Human Identity at the Intersection of Science, Technology and Religion

Human Identity at the Intersection of Science, Technology and Religion

Hardback Ashgate Science and Religion Series

Edited by Nancey Murphy, Edited by Christopher C. Knight

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  • Publisher: Ashgate Publishing Limited
  • Format: Hardback | 240 pages
  • Dimensions: 160mm x 234mm x 24mm | 621g
  • Publication date: 18 October 2010
  • Publication City/Country: Aldershot
  • ISBN 10: 1409410501
  • ISBN 13: 9781409410508
  • Illustrations note: includes 2 figures in chapter 3
  • Sales rank: 863,467

Product description

Humans are unique in their ability to reflect on themselves. Recently a number of scholars have pointed out that human self-conceptions have a history. Ideas of human nature in the West have always been shaped by the interplay of philosophy, theology, science, and technology. The fast pace of developments in the latter two spheres (neuroscience, genetics, artificial intelligence, biomedical engineering) call for fresh reflections on what it means, now, to be human, and for theological and ethical judgments on how we might shape our own destiny in the future. The leading scholars in this book offer fresh contributions to the lively quest for an account of ourselves that does justice to current developments in theology, science, technology, and philosophy.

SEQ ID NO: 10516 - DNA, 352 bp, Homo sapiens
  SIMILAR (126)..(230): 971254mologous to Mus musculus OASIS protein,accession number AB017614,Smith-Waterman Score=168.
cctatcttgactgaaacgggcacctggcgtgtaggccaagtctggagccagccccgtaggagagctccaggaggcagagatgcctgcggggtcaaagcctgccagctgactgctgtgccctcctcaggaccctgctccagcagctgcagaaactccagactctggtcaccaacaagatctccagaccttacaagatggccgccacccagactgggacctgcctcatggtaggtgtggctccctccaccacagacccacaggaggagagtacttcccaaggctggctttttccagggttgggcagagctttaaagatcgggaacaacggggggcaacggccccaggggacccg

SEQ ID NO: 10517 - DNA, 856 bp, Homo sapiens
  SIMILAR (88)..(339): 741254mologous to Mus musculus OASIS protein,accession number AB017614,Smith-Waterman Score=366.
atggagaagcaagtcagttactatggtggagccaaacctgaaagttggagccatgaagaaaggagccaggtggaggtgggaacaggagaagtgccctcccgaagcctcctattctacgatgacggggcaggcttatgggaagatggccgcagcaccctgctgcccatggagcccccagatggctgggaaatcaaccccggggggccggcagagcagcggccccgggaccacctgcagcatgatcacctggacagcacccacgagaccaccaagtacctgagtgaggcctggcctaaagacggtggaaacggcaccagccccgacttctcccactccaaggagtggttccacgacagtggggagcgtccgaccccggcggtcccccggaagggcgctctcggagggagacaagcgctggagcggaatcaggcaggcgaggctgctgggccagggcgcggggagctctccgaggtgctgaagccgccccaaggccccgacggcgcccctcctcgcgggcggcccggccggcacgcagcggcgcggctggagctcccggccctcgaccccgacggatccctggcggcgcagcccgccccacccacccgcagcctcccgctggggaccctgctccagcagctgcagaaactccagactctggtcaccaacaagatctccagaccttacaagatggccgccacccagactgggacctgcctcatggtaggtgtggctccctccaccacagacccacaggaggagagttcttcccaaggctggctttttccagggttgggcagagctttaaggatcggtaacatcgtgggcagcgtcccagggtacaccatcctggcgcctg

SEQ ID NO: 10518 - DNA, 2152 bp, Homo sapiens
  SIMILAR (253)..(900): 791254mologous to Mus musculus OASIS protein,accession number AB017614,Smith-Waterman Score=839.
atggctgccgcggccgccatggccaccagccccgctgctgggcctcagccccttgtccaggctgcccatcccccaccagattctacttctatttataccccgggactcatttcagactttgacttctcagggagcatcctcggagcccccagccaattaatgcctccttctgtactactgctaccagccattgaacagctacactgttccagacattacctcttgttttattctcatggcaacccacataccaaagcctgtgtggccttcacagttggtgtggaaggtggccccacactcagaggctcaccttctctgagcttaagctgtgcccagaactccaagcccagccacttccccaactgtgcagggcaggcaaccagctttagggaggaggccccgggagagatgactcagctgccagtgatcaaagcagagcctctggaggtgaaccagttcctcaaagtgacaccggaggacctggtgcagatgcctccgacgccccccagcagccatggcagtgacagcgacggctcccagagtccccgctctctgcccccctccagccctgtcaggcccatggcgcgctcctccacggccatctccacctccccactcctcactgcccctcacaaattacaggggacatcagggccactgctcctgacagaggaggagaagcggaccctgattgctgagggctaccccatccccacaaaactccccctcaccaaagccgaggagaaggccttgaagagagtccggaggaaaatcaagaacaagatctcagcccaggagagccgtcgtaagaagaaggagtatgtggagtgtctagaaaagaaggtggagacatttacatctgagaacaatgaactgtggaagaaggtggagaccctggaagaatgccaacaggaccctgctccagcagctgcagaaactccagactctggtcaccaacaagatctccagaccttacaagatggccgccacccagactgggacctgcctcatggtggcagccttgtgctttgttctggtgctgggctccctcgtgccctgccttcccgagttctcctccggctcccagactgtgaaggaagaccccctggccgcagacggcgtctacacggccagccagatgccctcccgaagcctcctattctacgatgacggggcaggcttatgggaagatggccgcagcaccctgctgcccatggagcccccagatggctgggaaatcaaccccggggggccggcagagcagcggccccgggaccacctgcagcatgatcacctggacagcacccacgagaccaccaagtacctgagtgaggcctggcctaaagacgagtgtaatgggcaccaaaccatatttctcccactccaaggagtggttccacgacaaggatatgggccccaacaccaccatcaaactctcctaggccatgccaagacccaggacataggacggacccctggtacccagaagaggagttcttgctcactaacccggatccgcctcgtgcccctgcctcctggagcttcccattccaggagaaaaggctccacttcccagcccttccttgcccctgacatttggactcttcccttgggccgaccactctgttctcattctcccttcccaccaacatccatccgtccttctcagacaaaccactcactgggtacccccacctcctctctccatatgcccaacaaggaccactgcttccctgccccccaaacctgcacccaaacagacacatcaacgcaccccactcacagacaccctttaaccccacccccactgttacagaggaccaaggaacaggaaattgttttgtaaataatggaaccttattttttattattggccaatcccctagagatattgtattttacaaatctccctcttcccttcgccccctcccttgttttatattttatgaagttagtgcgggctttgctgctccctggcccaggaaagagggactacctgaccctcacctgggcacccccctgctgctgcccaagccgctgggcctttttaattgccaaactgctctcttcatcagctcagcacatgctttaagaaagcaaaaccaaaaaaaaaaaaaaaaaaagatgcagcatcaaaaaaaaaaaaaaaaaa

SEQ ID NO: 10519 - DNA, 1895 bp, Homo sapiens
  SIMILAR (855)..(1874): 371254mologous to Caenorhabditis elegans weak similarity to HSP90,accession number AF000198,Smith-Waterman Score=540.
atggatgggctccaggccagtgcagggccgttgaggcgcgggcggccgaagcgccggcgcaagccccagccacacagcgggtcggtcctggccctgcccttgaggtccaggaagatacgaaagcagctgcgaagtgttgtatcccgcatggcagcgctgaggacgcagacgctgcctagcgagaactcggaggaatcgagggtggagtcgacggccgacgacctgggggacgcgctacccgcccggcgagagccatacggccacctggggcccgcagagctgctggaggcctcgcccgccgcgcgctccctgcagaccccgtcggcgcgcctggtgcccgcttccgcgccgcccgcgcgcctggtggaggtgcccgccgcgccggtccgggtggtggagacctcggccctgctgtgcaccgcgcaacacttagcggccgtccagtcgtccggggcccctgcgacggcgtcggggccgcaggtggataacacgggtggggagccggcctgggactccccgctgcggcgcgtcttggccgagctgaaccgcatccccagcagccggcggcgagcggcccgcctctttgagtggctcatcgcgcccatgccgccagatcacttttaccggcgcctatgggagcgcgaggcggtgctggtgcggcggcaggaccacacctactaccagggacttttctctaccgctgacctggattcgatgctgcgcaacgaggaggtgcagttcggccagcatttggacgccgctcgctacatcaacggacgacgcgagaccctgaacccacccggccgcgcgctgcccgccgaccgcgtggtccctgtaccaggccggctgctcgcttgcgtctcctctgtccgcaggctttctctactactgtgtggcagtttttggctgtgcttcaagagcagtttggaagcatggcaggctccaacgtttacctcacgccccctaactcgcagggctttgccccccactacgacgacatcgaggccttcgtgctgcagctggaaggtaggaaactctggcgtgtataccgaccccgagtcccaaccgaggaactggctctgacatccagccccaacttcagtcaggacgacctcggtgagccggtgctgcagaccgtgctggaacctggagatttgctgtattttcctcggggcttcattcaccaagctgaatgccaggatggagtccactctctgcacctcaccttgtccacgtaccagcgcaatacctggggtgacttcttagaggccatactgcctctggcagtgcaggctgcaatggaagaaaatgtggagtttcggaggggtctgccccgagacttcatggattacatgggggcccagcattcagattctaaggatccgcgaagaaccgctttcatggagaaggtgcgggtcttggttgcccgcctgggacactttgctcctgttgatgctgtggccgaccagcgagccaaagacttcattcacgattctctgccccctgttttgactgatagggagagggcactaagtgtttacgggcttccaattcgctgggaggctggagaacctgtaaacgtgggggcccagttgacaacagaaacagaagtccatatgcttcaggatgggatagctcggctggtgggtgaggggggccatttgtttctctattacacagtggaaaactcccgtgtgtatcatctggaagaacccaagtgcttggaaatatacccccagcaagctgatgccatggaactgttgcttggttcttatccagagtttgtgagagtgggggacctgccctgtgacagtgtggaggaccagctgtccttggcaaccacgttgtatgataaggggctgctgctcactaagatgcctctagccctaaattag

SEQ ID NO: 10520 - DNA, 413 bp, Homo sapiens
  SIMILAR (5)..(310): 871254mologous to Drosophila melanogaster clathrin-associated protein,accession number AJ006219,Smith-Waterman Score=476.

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Author information

Nancey Murphy, Professor of Philosophy, Fuller Theological Seminary, Pasadena, CA, USA and Christopher C. Knight, Executive Secretary of the International Society for Science and Religion, Benet House, St. Edmund's College, Cambridge, UK.

Table of contents

Preface; Introduction, Nancey Murphy; Part I The Limits of Religion, the Limits of Science: Homo religiosus: a theological proposal for a scientific and pluralistic age, Christopher C. Knight; Religious symbolism; engaging the limits of human identification, F. LeRon Shults; Fundamentalism in science, theology and the academy, George F.R. Ellis.; Part II Emergence of the Distinctively Human: reduction and emergence: a critical perspective, Nancey Murphy; Nonreductive human uniqueness: immaterial, biological, or psychosocial?, Warren S. Brown; Human and artificial intelligence: a theological response, Noreen Herzfield; The emergence of morality, James W. Haag.; Part III The Future of Human Identity: What does it mean to be human? Genetics and human identity, Martinez Hewlett; Distributed identity: human beings as walking, thinking ecologies in the microbial world, Wesley J. Wildman; Without a horse: on being human in an age of biotechnology, Noah Efron; From human to posthuman: theology and technology, Brent Waters; Can we enhance the imago dei?, Ted Peters; Index.